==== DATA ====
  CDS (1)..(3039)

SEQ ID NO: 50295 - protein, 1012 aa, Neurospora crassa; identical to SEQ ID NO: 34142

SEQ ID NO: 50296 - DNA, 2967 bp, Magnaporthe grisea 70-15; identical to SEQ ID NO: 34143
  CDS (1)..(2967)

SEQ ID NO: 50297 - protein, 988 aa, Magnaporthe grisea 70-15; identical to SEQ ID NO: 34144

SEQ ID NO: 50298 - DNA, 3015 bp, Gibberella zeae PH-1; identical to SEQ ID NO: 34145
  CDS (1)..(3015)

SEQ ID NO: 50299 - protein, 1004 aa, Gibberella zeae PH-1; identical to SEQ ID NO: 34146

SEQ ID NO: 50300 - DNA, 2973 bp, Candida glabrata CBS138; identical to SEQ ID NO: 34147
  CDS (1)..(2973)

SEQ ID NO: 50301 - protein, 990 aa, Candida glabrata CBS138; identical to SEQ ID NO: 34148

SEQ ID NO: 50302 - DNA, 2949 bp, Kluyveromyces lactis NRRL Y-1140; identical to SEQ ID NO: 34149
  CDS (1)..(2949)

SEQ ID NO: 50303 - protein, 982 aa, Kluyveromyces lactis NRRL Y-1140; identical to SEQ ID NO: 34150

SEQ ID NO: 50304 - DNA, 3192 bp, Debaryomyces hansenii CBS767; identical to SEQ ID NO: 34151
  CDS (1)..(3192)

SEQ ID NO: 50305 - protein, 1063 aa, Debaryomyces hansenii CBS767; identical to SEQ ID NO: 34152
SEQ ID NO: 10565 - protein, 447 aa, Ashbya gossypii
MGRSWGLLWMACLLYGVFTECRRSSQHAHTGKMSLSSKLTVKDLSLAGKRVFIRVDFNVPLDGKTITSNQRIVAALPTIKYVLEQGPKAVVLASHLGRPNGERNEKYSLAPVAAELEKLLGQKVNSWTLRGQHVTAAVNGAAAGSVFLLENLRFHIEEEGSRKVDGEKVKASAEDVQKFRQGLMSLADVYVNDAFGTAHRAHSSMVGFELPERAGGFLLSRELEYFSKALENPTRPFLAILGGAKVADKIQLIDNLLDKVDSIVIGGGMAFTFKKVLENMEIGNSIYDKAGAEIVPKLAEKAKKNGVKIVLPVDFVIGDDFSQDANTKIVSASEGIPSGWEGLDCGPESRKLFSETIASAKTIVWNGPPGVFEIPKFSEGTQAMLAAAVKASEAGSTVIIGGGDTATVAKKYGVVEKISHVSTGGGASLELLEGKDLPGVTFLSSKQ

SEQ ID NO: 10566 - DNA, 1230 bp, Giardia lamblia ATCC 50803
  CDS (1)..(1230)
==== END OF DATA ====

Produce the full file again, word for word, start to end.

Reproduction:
  CDS (1)..(3039)

SEQ ID NO: 50295 - protein, 1012 aa, Neurospora crassa; identical to SEQ ID NO: 34142

SEQ ID NO: 50296 - DNA, 2967 bp, Magnaporthe grisea 70-15; identical to SEQ ID NO: 34143
  CDS (1)..(2967)

SEQ ID NO: 50297 - protein, 988 aa, Magnaporthe grisea 70-15; identical to SEQ ID NO: 34144

SEQ ID NO: 50298 - DNA, 3015 bp, Gibberella zeae PH-1; identical to SEQ ID NO: 34145
  CDS (1)..(3015)

SEQ ID NO: 50299 - protein, 1004 aa, Gibberella zeae PH-1; identical to SEQ ID NO: 34146

SEQ ID NO: 50300 - DNA, 2973 bp, Candida glabrata CBS138; identical to SEQ ID NO: 34147
  CDS (1)..(2973)

SEQ ID NO: 50301 - protein, 990 aa, Candida glabrata CBS138; identical to SEQ ID NO: 34148

SEQ ID NO: 50302 - DNA, 2949 bp, Kluyveromyces lactis NRRL Y-1140; identical to SEQ ID NO: 34149
  CDS (1)..(2949)

SEQ ID NO: 50303 - protein, 982 aa, Kluyveromyces lactis NRRL Y-1140; identical to SEQ ID NO: 34150

SEQ ID NO: 50304 - DNA, 3192 bp, Debaryomyces hansenii CBS767; identical to SEQ ID NO: 34151
  CDS (1)..(3192)

SEQ ID NO: 50305 - protein, 1063 aa, Debaryomyces hansenii CBS767; identical to SEQ ID NO: 34152
SEQ ID NO: 10565 - protein, 447 aa, Ashbya gossypii
MGRSWGLLWMACLLYGVFTECRRSSQHAHTGKMSLSSKLTVKDLSLAGKRVFIRVDFNVPLDGKTITSNQRIVAALPTIKYVLEQGPKAVVLASHLGRPNGERNEKYSLAPVAAELEKLLGQKVNSWTLRGQHVTAAVNGAAAGSVFLLENLRFHIEEEGSRKVDGEKVKASAEDVQKFRQGLMSLADVYVNDAFGTAHRAHSSMVGFELPERAGGFLLSRELEYFSKALENPTRPFLAILGGAKVADKIQLIDNLLDKVDSIVIGGGMAFTFKKVLENMEIGNSIYDKAGAEIVPKLAEKAKKNGVKIVLPVDFVIGDDFSQDANTKIVSASEGIPSGWEGLDCGPESRKLFSETIASAKTIVWNGPPGVFEIPKFSEGTQAMLAAAVKASEAGSTVIIGGGDTATVAKKYGVVEKISHVSTGGGASLELLEGKDLPGVTFLSSKQ

SEQ ID NO: 10566 - DNA, 1230 bp, Giardia lamblia ATCC 50803
  CDS (1)..(1230)